About a month ago, my dad decided that we should have Movie Night every other weekend as a way to get together, eat good food, drink good wine, and watch movies that we might not otherwise watch. The week before we left for Texas, my dad hosted with One Flew Over the Cuckoo’s Nest. Excellent movie. I’d never seen the whole thing. Seeing young Danny DeVito and Christopher Llyod was a real treat. My sister Lizzie, who showed up late from her office happy hour, didn’t believe that it was Danny DeVito until the very end. It was good holiday fun and I knew I would miss future movie nights with my dad and sister. But c’est la vie and off to Texas I went. Little did I know I would be back in San Diego just in time for movie night – and it was technically my turn to host!
Seeing as I have no home of my own to host a movie, my dad agreed to provide the space if I brought the appetizers. I agreed. I love to cook – and felt the need to hold my own against my sister’s awesome culinary skills! I decided to make a “dressed-up” quesadilla with cheddar, Gorgonzola, and garlic baked in the oven until crispy and then topped with tomatoes and basil. I served the quesadilla alongside pan seared steak and apple-cucumber salad. The real highlight on the night were my Salami amuse-bouche. I was inspired by the Viva paper towel commercials. I used tomato and basil instead of the jarred red bell peppers and topped mine with a Gorgonzola crumble instead of queso fresco and I must say that they were fabulous. Yum yum!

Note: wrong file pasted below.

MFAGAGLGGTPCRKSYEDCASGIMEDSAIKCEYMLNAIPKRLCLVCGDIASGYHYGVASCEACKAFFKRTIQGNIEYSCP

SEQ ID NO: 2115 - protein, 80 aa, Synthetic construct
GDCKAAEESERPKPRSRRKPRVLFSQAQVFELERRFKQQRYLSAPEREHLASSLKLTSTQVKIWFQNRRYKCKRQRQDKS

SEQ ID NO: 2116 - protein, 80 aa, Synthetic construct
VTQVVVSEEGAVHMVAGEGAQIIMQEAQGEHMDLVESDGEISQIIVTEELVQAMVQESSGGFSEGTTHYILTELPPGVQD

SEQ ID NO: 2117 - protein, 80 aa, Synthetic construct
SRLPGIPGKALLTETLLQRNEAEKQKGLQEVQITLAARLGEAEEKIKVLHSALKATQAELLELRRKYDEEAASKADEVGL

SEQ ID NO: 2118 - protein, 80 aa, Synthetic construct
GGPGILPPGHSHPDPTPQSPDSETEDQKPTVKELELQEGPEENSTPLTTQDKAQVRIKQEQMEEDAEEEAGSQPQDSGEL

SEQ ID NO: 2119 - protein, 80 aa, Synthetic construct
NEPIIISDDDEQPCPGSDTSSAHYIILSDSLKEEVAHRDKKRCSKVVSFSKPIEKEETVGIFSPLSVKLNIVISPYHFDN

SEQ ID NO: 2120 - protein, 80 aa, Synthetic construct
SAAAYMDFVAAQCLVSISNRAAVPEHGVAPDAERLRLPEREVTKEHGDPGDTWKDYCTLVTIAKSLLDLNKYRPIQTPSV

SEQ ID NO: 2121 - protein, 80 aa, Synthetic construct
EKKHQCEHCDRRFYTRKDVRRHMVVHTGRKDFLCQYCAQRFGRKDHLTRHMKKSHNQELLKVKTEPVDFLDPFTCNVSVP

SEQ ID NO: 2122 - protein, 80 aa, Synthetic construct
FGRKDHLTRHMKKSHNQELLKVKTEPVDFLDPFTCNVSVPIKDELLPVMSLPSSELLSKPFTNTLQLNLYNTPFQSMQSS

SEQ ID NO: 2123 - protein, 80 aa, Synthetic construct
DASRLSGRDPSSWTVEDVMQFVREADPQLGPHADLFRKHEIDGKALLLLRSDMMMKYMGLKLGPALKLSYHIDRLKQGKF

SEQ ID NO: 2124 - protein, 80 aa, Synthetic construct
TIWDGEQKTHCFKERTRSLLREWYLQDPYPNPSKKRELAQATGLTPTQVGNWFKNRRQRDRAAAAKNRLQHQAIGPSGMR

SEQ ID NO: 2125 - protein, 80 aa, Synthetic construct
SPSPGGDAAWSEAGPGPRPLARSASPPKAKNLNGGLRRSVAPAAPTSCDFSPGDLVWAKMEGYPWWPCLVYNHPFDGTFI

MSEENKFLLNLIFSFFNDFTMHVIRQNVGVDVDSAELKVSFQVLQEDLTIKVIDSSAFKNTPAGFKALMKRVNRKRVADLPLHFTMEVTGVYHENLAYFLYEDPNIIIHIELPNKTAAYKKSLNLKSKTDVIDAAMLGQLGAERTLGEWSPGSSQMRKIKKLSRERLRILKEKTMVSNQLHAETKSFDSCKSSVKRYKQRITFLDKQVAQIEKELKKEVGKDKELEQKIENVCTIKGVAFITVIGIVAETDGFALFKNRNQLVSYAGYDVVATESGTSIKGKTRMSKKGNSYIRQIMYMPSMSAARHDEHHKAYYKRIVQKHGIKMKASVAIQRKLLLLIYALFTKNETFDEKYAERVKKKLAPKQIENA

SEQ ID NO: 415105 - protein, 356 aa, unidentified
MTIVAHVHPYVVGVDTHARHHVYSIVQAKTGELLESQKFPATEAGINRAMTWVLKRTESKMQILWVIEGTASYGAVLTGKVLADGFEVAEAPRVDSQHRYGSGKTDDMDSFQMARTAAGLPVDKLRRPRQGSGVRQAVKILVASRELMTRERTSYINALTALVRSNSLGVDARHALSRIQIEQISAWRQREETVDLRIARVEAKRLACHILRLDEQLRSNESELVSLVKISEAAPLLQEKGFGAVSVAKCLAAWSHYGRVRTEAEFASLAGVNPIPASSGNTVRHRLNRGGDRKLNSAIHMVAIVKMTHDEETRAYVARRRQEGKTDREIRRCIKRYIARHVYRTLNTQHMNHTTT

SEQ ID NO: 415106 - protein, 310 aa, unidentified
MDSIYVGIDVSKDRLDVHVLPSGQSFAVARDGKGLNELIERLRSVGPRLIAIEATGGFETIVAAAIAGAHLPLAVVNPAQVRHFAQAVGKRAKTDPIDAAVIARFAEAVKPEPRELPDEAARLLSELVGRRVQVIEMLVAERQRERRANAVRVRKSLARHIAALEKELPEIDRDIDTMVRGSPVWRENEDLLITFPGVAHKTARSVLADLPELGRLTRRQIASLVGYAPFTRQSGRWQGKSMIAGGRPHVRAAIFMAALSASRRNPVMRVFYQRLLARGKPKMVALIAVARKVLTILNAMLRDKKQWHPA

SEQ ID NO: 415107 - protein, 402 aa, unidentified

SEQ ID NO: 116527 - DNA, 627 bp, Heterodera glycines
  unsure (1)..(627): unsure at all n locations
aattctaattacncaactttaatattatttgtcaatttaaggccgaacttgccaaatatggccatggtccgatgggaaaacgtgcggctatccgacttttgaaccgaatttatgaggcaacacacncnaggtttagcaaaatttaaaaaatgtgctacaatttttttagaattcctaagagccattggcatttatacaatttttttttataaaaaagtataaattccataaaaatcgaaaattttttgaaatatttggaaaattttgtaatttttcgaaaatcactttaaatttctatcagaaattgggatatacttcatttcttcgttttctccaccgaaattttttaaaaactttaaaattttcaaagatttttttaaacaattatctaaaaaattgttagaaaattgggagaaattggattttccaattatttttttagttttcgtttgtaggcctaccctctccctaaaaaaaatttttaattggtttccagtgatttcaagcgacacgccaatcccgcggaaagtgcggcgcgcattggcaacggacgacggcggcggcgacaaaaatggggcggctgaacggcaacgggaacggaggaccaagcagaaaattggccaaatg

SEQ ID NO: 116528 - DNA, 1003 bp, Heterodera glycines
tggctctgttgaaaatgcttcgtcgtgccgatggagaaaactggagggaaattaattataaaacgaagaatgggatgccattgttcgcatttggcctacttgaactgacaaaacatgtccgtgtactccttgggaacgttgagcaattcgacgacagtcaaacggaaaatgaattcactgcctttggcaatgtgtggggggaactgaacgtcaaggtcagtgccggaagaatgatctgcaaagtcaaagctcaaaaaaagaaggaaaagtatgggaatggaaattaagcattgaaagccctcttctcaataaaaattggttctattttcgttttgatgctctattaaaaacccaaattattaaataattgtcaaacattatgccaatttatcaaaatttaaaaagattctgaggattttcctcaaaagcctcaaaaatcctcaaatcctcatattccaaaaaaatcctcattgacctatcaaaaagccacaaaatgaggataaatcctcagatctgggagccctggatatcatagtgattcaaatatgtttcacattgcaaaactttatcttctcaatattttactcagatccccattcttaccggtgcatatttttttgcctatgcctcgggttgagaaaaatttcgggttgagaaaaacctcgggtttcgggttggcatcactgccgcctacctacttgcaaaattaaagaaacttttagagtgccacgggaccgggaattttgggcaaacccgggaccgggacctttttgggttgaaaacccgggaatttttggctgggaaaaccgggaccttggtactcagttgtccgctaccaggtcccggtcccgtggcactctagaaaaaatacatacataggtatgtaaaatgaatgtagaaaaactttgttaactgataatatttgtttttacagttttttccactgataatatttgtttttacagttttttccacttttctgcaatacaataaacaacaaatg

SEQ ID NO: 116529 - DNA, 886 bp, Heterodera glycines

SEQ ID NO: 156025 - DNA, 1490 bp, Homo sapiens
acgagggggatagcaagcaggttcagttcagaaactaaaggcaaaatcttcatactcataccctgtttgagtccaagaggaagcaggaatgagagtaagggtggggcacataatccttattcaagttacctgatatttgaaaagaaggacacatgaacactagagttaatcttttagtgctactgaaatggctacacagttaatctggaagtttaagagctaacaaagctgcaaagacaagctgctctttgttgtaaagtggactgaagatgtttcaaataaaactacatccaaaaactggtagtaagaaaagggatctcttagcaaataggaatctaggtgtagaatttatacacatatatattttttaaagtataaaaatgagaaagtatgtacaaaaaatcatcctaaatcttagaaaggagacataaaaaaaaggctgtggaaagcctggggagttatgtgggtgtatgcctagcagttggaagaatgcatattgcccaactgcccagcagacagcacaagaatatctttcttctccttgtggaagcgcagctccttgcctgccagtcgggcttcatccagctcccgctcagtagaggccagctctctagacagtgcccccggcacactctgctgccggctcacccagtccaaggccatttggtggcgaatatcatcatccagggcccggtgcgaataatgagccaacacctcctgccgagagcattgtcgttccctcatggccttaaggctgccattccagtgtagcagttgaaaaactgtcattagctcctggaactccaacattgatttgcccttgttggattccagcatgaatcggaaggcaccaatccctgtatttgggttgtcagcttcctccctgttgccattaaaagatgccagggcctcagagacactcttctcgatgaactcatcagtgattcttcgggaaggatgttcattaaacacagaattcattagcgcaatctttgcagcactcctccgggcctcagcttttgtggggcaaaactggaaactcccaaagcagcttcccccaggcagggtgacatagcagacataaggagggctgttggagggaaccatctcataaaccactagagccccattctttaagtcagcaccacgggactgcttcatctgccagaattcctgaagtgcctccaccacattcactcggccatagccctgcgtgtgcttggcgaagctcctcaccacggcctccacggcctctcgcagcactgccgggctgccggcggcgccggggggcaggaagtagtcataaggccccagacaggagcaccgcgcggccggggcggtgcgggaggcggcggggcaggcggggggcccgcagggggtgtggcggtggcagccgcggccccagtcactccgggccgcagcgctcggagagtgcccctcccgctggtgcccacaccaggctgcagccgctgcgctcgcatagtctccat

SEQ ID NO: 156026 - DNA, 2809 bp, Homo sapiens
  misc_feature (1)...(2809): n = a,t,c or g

Here’s the recipe:
1 package of Genoa Salami
4 roma tomatoes, seeded and diced
4-5 basil leaves, sliced
1 clove of garil, minced
1 Tbs balsamic vinegar
1/2 Tbs Olive Oil
salt and pepper to taste
I baked the salami on a cookie sheet at 350 for about 10 minutes, unil they were crisp, but not burnt. I transfered them to a serving platter with some paper towels (the commercial uses Viva paper towels) bowl side up. Then I diced the tomatoes, chopped the basil, minced the garlic and drizzled them with just a touch of olive oil. The salami is quite oily, so I didn’t want the dish to end up greasy. Gross. Then I added about a Tbs of balsamic vinegar and then seasoned with salt and pepper. I alway err on the side of less is more. You can always add more later if you need it. Then I mixed everything together and spooned a small amount onto the salami. I topped it with one or two crumbles of gorgonzola. I found that the creaminess of the cheese really cuts through the acidity of the tomato and basil and compliments the crispiness of the salami. You eat it all in one bite for the ultimate party in your mouth. Delicious!
We had another smeared-poop disaster with Jaxon, so I arrived a bit late to my dad’s without a movie. Lizzie canceled due to an “illness”, but my dad believed that she was just upset that I didn’t move movie night to Saturday (although she knew I had previous plans and sounded okay when I told her I had to keep our original Friday date). Since it was just the three of us, we decided to watch Silent Running, an ecological sci-fi movie from the 70s.